Was there resistance against the Group Areas Act of 1950?

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The Group Areas Act was a trio of acts passed by the South African Parliament in 1950 during the Apartheid era. The laws strengthened the segregation of blacks and whites in urban areas, forcing the black majority out of the well-developed city centers of Cape Town,...

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The Group Areas Act was a trio of acts passed by the South African Parliament in 1950 during the Apartheid era. The laws strengthened the segregation of blacks and whites in urban areas, forcing the black majority out of the well-developed city centers of Cape Town, Johannesburg, Durban, and other South African cities. This resulted in much hardship for black Africans, as their land was confiscated and their freedom of movement restricted.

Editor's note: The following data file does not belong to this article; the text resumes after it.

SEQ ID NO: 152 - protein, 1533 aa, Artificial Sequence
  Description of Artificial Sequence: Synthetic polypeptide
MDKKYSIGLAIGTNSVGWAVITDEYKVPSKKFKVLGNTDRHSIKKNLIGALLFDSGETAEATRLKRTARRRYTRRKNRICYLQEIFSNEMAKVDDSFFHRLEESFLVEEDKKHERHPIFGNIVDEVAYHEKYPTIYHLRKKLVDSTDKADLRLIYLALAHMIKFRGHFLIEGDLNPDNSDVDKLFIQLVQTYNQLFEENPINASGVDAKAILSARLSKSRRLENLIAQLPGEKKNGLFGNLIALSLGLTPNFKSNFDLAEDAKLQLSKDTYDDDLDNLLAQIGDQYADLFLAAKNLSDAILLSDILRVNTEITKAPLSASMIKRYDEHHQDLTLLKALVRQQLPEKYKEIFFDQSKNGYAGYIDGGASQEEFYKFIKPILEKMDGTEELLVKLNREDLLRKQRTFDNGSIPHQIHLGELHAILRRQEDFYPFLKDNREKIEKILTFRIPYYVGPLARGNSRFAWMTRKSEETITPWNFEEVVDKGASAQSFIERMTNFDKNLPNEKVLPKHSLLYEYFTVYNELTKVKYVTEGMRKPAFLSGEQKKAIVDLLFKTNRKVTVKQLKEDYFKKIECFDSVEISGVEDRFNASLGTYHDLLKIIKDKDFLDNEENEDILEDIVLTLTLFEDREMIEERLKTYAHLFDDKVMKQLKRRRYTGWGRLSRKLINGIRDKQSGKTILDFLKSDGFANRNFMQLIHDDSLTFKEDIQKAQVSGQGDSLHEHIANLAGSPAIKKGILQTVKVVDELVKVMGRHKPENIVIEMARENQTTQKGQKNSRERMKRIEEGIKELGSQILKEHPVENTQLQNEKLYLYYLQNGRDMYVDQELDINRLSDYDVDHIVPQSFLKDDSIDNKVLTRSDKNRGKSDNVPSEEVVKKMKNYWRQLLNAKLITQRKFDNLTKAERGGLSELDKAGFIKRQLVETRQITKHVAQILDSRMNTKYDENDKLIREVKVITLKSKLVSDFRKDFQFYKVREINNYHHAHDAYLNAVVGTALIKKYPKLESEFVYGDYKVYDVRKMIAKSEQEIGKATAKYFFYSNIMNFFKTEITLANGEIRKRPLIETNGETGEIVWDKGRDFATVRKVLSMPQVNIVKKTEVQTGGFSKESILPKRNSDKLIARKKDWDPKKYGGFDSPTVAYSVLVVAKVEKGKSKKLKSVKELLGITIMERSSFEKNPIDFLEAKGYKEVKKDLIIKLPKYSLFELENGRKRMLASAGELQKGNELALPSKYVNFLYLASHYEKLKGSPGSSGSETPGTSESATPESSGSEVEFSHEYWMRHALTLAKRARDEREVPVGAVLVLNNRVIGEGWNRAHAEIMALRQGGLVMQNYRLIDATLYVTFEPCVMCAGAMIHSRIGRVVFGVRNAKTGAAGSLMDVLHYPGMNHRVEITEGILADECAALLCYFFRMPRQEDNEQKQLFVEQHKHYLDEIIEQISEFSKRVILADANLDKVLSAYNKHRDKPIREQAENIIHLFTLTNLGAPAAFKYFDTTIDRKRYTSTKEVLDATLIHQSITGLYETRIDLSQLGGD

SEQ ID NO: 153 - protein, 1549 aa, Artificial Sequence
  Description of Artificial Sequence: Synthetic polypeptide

There was sporadic, unorganized resistance to the passing of the Group Areas Act. The Indian and black African communities protested the bill around the country but were unable to unite forces due to simmering racial tensions between groups, particularly after the race-riots of 1949 in Durban. The restriction of movement, authoritarian nature of the Apartheid government and poverty combined to make it difficult for effective protest against the bill. Perhaps the most active resistance to the bill was the violent reactions many had to the forced removal from their land. Clashes between police and homeowners being forcibly evicted were often bloody. Although there was some opposition, the resistance against the Group Areas Act failed due to its fractured, disorganized nature.

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